Dancer, choreographer, actor and director Bob Fosse’s semi-autobiographical musical opens with a documentary-style montage showing the arduous Broadway casting process.

The editing is tightly choreographed, with repeated movements and match cuts, soundtracked by George Benson’s On Broadway. Fosse was also behind the 1972 movie of Cabaret, a musical that Mendes has directed in New York and the West End.

This sequence is just Fosse the choreographer, the filmmaker, and the cineaste, all at the same time - at his best.
Sam Mendes, Life Cinematic

Perfect use of light

Persona (1966)

Lighting indicates shifting moods and merging identities in Ingmar Bergman’s enigmatic thriller about young nurse Alma (Bibi Andersson) and her patient Elisabet (Liv Ullmann).

Ingmar Berman

Bergman and cinematographer Sven Nykvist shared a fascination for light, believing subtle changes could significantly alter the meaning of a character’s actions. The dream-like scene where Elisabet visits Alma in the dead of night was shot using natural light from Sweden’s midnight sun.

For me, Bergman is a kind of hero because he worked both in theatre and film, to the highest possible level.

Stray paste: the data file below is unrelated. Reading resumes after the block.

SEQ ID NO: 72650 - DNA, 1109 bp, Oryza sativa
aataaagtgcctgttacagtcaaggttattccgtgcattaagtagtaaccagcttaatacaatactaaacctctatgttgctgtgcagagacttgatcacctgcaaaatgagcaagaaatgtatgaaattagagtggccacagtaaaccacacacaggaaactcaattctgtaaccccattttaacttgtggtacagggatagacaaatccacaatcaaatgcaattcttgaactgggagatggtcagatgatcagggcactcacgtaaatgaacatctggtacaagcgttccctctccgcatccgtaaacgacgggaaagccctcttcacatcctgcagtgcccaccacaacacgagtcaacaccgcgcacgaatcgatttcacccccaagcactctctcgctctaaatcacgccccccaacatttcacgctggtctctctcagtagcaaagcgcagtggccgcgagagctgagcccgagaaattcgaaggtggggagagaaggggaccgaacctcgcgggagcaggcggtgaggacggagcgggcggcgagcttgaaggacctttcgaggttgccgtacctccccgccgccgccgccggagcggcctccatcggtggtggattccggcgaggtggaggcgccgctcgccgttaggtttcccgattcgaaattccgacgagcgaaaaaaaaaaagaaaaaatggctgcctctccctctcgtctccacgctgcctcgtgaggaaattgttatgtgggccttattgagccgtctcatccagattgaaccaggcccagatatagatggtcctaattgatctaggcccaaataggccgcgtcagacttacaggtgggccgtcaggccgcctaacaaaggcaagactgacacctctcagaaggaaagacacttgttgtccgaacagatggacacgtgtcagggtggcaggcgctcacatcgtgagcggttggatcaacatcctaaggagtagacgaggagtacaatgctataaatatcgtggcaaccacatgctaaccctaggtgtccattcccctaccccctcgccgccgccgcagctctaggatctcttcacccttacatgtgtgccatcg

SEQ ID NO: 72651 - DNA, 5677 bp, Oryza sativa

Sam Mendes, Life Cinematic

Perfect production design

Dr. Strangelove or: How I Learned to Stop Worrying and Love the Bomb (1964)

Steven Spielberg called the War Room in Stanley Kubrick’s jet-black political satire “the best film set ever designed.”

Created by maverick production designer Ken Adam, its centrepiece is a sprawling 22-feet diameter table. Kubrick asked for the table to be covered in green baize with a huge light overhead, because he wanted it to look as if the politicians and generals sat around it “are playing with the world like a game of cards.”

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It’s just the most sensational piece of production design - comic, horrific, and incredibly tense because of the way it channels light.
Sam Mendes, Life Cinematic

Perfect long take